Perusing the list of this year’s Emmy comedy nominees, it’s hard not to feel like Lisa Loopner, the “Saturday Night Live” nerd played by Gilda Radner: “That’s so funny I forgot to laugh.”
The contenders, not surprisingly, feature some first-rate series. What relatively few of them do, consistently, is generate laughter, reflecting how the drama category has not only grown in complexity and ambition, but also has, in some respects, oozed its way into the half-hour field.
The crowded nature of the drama ballot, perhaps, reflects why you don’t see half-hours petitioning for admittance to the drama race, unlike the high-profile series (“Jane the Virgin,” “Shameless” and, unsuccessfully, “Orange Is the New Black”) that sought admission to the comedy dance. The TV Academy’s decision to alter its rules to define content by duration — hours default into drama, and half-hours into comedy — brought some order to the proceedings, but hasn’t fully addressed the move toward programs that can’t necessarily be judged by their humor.
While this dynamic has prevailed for several years (witness Edie Falco’s “I’m not funny” protestation when she won lead actress in a comedy for “Nurse Jackie,” or the debate over “Girls”), the pace has seemingly quickened. And while sitcoms have long developed narrative arcs, it’s become increasingly common for programs like HBO’s “Veep” and “Silicon Valley” — both series nominees again this year — to follow a continuing storyline throughout a season. Even “Mom,” Chuck Lorre’s latest multi-camera show for CBS, has explored darker themes and the characters’ ongoing struggles.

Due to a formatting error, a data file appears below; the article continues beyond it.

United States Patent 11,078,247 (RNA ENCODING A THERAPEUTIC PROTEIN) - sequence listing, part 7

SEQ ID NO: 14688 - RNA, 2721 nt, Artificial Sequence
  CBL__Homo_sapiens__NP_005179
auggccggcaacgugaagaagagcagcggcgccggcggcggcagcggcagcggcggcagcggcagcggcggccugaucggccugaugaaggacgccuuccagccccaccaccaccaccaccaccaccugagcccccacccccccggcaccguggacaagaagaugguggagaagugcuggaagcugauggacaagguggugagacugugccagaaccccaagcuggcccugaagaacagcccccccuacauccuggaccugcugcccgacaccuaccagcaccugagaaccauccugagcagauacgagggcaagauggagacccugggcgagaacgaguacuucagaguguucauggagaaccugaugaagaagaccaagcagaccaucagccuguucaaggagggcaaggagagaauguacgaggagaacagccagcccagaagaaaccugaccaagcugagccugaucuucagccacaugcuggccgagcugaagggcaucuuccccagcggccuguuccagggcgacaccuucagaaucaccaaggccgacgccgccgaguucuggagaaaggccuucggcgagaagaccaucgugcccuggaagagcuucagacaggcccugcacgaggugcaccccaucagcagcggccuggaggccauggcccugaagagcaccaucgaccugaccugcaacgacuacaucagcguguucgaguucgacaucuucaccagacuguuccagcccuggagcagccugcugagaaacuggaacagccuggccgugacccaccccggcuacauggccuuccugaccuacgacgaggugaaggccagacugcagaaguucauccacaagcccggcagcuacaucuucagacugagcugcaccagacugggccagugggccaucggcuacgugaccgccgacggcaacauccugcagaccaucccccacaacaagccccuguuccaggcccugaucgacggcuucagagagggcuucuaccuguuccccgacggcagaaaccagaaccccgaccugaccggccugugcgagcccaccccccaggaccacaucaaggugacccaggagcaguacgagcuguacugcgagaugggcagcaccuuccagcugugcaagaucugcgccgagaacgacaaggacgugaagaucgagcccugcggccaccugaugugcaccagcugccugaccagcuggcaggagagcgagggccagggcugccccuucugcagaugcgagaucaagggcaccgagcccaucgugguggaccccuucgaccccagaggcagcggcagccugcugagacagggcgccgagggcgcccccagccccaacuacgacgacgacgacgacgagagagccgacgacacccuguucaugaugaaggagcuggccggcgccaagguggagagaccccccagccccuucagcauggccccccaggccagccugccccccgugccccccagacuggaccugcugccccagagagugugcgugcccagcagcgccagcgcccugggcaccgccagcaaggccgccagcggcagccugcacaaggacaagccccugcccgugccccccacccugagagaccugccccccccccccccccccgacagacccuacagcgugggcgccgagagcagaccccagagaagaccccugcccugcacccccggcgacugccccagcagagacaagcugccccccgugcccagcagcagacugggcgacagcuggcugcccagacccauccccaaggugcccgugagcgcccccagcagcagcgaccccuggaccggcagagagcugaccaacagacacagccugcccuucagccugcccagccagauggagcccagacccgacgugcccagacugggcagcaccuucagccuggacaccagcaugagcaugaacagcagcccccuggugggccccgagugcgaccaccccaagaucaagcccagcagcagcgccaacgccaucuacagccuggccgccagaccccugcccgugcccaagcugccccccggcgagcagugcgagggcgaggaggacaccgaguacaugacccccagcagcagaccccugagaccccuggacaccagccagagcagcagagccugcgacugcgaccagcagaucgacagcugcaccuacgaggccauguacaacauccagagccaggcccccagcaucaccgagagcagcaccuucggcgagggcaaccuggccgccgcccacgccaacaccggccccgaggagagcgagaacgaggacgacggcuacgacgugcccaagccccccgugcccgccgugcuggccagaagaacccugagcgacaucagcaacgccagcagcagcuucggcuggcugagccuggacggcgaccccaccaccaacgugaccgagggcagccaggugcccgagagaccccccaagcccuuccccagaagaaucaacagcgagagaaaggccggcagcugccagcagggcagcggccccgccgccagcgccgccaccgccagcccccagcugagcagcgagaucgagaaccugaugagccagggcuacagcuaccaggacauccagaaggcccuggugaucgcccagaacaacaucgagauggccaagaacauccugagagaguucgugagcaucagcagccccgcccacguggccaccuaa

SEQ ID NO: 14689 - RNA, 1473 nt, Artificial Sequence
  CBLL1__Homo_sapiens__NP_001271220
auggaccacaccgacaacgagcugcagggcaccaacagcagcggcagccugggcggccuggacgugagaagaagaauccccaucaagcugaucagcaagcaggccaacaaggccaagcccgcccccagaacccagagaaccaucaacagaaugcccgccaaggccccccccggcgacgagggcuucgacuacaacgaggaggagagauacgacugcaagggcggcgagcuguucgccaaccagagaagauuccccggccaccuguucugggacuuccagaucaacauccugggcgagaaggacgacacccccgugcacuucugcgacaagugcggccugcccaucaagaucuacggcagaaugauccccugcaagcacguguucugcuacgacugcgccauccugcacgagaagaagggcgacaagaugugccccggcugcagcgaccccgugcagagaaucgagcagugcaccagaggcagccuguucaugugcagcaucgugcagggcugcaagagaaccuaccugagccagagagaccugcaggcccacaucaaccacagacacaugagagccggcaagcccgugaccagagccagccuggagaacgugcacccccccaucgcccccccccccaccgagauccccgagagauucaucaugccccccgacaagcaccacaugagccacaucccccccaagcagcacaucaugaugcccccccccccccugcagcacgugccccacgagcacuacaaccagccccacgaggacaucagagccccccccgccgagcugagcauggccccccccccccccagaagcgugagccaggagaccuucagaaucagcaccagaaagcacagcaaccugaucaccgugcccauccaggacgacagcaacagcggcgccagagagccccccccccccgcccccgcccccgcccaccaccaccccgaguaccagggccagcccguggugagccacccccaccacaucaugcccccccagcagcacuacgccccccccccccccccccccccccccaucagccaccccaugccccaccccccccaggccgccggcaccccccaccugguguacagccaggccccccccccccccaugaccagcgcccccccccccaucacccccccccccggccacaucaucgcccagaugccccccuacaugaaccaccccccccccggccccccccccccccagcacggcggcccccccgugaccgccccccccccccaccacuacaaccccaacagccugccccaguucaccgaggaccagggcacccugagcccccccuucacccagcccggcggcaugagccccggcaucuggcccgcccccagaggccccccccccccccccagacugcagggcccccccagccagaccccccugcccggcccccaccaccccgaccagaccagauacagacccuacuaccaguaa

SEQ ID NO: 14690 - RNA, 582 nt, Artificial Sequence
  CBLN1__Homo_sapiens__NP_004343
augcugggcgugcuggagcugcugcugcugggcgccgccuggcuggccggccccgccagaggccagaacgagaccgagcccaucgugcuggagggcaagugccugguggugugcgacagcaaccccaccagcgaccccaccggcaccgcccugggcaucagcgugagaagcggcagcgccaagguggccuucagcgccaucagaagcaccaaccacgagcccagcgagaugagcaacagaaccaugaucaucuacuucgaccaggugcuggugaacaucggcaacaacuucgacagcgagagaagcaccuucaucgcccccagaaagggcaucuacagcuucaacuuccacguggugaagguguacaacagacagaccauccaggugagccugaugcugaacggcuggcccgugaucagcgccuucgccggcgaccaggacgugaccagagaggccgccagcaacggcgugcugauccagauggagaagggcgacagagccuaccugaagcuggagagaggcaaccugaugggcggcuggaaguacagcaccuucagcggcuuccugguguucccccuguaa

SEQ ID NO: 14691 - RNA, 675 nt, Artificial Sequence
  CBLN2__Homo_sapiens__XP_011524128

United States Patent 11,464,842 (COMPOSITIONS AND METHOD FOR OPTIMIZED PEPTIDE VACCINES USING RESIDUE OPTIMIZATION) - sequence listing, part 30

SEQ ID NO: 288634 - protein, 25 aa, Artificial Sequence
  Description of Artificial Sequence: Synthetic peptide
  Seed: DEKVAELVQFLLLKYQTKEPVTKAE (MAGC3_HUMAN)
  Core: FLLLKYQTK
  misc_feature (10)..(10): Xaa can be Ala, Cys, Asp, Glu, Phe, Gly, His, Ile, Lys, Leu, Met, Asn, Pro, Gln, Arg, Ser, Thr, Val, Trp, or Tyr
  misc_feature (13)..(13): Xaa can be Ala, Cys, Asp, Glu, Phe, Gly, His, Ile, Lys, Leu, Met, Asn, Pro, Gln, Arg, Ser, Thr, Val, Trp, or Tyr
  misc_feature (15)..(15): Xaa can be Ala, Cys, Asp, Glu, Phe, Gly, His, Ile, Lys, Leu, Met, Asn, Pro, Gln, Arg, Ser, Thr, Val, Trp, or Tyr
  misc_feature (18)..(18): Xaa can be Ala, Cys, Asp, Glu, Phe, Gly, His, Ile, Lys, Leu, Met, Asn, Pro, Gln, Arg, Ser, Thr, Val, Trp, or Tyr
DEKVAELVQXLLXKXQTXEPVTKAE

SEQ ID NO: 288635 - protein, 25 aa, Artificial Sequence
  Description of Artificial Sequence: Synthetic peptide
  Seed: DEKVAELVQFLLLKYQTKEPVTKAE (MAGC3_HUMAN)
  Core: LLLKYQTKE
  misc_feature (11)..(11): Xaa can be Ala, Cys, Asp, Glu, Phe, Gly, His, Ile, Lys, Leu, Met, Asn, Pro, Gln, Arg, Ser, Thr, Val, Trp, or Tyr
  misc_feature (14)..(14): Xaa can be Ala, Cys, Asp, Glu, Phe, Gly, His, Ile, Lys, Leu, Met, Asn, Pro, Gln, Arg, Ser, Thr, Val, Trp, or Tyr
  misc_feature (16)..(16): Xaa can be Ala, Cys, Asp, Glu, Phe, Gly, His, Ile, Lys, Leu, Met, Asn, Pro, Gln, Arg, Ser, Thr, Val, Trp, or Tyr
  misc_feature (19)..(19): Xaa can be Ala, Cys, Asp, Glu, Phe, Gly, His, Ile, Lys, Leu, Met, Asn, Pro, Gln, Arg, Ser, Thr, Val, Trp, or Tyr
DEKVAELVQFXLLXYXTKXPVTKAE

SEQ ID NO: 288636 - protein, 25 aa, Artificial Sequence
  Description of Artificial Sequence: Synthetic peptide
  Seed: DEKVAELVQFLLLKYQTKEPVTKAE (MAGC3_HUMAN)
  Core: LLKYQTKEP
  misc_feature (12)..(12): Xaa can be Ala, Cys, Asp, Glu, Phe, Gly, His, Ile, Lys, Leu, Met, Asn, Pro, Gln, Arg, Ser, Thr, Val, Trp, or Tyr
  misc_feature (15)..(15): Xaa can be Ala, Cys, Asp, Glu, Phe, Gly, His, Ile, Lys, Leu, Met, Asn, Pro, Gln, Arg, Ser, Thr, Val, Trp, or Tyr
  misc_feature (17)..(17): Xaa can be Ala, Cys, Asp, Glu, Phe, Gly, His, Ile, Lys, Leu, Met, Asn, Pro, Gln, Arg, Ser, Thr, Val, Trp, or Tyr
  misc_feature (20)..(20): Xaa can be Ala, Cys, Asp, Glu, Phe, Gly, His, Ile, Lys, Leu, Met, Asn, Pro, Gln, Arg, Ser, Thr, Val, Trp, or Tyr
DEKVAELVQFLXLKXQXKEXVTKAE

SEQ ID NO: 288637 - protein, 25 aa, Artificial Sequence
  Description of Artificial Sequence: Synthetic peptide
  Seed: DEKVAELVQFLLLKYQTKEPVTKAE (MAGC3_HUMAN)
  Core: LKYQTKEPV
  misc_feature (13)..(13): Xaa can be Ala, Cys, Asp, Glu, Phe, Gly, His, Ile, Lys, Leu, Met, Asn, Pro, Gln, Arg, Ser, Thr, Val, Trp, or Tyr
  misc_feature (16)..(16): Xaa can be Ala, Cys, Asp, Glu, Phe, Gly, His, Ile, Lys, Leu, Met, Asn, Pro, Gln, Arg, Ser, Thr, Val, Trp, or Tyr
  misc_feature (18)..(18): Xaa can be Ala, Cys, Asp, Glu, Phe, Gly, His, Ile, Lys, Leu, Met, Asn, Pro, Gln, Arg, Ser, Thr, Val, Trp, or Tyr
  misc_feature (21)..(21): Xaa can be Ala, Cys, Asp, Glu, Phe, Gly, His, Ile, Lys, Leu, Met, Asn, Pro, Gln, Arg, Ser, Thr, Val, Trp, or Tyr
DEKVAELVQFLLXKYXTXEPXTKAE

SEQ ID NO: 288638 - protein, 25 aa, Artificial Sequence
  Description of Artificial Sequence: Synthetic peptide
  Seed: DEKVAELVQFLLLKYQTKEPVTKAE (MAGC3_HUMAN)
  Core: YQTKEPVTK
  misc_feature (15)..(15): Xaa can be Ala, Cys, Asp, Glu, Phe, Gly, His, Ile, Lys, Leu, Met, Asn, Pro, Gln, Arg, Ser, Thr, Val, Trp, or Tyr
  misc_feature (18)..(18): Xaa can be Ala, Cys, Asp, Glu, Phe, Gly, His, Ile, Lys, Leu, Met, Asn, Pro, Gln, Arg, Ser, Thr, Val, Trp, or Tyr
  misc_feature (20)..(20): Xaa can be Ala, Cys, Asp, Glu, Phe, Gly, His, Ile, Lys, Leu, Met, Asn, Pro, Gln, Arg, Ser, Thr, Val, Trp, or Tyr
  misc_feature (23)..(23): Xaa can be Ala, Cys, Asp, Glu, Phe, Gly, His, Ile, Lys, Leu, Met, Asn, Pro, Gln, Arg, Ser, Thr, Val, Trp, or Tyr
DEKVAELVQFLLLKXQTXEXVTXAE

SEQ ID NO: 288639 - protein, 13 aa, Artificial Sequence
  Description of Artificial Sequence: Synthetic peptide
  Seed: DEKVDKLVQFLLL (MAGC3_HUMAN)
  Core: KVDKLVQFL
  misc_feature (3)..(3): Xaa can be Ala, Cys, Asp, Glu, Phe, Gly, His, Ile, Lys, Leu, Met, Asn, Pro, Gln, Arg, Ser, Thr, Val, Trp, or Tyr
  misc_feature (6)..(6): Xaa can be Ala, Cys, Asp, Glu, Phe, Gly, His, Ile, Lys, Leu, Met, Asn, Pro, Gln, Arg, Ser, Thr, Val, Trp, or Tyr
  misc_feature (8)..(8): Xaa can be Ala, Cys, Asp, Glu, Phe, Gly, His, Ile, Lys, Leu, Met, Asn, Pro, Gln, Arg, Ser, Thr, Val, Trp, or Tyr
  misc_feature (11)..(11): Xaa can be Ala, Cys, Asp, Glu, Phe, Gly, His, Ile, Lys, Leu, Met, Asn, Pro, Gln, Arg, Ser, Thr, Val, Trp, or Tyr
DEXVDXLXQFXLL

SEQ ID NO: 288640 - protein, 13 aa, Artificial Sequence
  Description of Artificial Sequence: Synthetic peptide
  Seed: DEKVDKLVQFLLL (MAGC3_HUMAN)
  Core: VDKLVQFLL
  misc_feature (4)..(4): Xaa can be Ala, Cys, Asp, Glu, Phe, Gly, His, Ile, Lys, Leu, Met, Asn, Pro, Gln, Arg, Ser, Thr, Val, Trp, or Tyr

Moreover, the exclusion this year of a perennial nominee that held down the fort for multi-camera half-hours, “The Big Bang Theory,” meant one of American TV’s signature forms was entirely squeezed out of the category. As it is, the last winner from that discipline was “Everybody Loves Raymond” a decade ago.
Arguably, the dominance of “Modern Family” — which remains in the race, and could make Emmy history with a sixth consecutive victory — might speak in part to the subtle influence that labeling something “comedy” has in the minds of voters. Because while “Transparent” has pushed Amazon into the awards chase, and “Louie” displays the auteur instincts of Louis C.K., both are filled with bittersweet moments of melancholy and discomfort.
The other nominees, notably, are also single-camera efforts: the final season of “Parks and Recreation,” and the first season of “Unbreakable Kimmy Schmidt,” a series whose commercial prospects made NBC so skittish the net handed it over to Netflix. (Will Forte garnered a lead-actor nom for Fox’s “The Last Man on Earth,” which rather conveniently skates around the detail that most of the world’s population in the show is, you know, deceased.)
The Emmys aren’t always a clear bellwether for industry trends, but in this case, the evolving nature of the awards dovetails with a broadcast primetime lineup characterized by a comedic retreat. NBC will offer just two sitcoms in the fall — the first time that’s happened since the late 1970s — and both are scheduled on Friday, a night that faces extra hurdles because of lower TV-usage levels and heavy DVR playback.
In some respects, one can argue that the audience is growing up — no longer dependent on studio audiences to cue them in regard to what’s funny. Whatever the cause, TV comedy is clearly more ambitious in its tone and drifting further away from the old set-up/joke construct, delivering a richer individual experience, potentially at the expense of mass appeal.
So for those who aspire to awards on the comedy front, the answer seems to be, “You want an Emmy nomination? Get serious — and serialized.”